So Quiet on the Canine Front

Can’t discuss this one without spoilers, so watch out.

WHITE GOD, from Hungarian director Kornél Mundruczó is a very impressive dog’s dinner of a film, channeling various influences through some powerful scenes and into a peculiar, visionary but confused parable. An abandoned dog is trained for illegal fights, then escapes and leads its fellow canine oppressed in a revolution on the streets of Budapest.


The first major influence, name-checked in the title, is Sam Fuller’s allegorical fright film WHITE DOG. Taken literally, that’s a film which doesn’t make sense — we’re asked to accept the retraining of a racial attack dog as a metaphor for racism in general. If the dog can be trained not to attack black people, maybe there’s hope for humans. Of course, it doesn’t follow, in any literal, logical way — Fuller is dealing with metaphor, but doing it via his usual high-impact, tabloid all-caps cigar-chomping way, so that some viewers don’t impute the film with the intelligence to be allegorical. A mistake — it knows what it’s doing.

Despite coming with a dedication to Miklos Jancso, WHITE GOD doesn’t quite inspire the same confidence, partly because it also owes a vast, unacknowledged debt to RISE OF THE PLANET OF THE APES. But while the Hollywood blockbuster has a miracle breakthrough in genetics as plot device, so that the simian revolution, no less an allegory than WHITE GOD’s, can also make sense in science fiction terms, the Hungarian quasi-remake goes from a plausible first half, in which Hagen the beloved mongrel pet undergoes a believable transition to brutalized killer with filed fangs, its second half, showing him suddenly become undisputed alpha male of a whole dog home and leading them to escape and practically take over the city, is quite unbelievable in rational terms, and unprepared-for except by an opening sequence which I think most viewers assume is a dream. When we see the city deserted save for this vast wolfpack, we think “Well, that’s an arresting image, but no way that’s actually going to happen in this film.” But then it DOES — and for no reason.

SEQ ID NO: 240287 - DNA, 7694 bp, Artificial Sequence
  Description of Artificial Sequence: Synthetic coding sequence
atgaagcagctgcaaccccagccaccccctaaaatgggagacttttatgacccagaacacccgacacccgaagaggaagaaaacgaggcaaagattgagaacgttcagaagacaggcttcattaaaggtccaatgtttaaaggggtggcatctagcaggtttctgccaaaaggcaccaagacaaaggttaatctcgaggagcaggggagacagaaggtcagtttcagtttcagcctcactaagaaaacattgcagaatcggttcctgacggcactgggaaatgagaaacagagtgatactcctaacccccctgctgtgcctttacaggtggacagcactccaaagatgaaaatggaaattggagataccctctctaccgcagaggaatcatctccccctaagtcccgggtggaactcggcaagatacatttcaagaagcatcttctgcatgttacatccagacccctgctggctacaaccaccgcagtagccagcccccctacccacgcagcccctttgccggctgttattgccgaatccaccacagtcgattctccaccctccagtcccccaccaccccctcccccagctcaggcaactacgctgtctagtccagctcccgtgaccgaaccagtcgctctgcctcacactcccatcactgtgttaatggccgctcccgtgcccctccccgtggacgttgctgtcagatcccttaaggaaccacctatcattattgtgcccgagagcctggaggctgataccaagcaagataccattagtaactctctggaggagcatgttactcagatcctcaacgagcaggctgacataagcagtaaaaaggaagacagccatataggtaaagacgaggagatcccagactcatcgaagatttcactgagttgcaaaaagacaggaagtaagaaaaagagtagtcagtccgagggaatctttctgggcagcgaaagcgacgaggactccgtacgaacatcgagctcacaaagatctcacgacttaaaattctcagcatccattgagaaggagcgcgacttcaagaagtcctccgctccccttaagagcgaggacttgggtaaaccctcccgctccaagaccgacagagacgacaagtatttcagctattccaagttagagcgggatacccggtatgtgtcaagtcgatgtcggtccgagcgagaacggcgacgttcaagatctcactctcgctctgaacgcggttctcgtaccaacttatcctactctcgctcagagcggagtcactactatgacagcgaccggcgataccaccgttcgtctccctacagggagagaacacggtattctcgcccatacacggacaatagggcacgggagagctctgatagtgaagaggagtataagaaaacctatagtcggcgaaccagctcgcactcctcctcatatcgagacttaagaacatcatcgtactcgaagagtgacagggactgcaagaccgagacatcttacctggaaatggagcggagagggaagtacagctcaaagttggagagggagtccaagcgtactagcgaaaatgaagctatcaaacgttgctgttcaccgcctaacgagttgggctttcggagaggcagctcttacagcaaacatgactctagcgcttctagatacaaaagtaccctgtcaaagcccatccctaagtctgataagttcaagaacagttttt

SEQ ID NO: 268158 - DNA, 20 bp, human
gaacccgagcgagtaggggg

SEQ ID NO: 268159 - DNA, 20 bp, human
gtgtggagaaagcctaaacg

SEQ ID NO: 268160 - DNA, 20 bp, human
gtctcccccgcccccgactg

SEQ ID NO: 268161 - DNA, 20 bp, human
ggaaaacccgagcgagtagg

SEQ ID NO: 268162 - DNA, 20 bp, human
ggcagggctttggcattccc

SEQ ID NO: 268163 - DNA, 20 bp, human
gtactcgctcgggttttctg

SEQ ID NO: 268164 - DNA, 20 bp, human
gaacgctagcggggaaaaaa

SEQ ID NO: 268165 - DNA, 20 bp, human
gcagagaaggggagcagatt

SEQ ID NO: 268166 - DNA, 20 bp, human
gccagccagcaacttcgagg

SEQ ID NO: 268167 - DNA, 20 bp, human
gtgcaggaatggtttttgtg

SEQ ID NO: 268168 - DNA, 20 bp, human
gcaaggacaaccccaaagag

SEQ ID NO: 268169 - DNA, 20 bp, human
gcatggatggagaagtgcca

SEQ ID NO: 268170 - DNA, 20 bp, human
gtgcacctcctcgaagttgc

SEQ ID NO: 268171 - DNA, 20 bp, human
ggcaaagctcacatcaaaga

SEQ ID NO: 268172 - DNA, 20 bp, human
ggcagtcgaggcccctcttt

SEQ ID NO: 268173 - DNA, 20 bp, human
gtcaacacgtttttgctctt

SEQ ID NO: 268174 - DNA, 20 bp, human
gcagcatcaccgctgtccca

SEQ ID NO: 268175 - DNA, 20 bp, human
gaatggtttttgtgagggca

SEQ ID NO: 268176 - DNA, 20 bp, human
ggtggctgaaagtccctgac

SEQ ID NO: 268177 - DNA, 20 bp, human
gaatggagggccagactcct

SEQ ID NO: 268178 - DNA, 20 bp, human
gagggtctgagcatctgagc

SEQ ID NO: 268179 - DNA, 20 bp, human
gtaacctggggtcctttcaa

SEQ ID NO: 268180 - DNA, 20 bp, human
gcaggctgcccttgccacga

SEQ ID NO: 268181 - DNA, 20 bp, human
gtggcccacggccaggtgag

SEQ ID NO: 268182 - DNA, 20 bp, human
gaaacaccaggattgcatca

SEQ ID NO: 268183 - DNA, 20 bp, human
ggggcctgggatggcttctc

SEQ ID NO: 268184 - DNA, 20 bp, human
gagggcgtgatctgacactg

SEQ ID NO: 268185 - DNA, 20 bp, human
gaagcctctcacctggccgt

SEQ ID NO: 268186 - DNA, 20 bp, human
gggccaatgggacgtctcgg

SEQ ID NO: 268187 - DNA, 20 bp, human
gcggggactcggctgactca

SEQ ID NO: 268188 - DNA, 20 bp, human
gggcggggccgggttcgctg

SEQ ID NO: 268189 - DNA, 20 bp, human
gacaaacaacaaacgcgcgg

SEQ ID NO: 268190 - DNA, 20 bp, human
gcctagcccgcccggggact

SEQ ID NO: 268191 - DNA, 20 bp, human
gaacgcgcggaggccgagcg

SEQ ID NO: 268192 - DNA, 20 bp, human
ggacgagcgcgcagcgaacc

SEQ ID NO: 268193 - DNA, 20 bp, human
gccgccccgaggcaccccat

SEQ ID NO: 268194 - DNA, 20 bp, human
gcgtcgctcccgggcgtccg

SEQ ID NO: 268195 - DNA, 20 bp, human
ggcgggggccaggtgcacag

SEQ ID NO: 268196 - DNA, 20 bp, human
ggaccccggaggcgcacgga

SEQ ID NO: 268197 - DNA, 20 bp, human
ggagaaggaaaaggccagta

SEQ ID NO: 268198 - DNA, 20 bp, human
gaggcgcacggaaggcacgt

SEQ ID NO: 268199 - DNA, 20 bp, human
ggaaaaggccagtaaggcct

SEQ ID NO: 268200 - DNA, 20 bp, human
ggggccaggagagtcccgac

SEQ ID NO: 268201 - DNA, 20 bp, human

In other words, the early part of the story, which has echoes of AU HASARD, BALTHASAR and CALL OF THE WILD, is more effective because more believable. It’s quite emotional and features amazing dog acting and dog wrangling. The humans are all a bit one-note, though the tough, uningratiating performance of Hagen’s 14-year-old owner, Zsófia Psotta, is admirable. A title at the start states that everything terrible is a thing that needs love — but the filmmaker doesn’t seem to have applied that charity to his human characters, so many of whom are uncomplicated shits, whose bloody death at the jaws of revengeful mutts seem intended to invite our applause.

But all sections of the film are achieved with some visual skill, including the epic scenes of uncivil unrest. The large-scale dog action is jaw-dropping, and the dogs are always credible, apart from a  few shots of them running rampant in the streets where they don’t seem interested enough in their potential human victims. They’re just jolly dogs, running about on a spree.


The film has one more swipe up its sleeve, achieved with some grace and skill. Zsófia plays her trumpet to Hagen early in the story to calm him, so when the dog army converges on her dad’s place of work at the end (for unexplainable reasons: as John Sayles once put it, these monsters all have some kind of mysterious radar that leads them to their equivalent of Tokyo), she soothes the horde with music, which hath charms to etc. Lots of shots of dogs emoting. Someone wonders whether to call the authorities. No, says dad. Give them a little longer.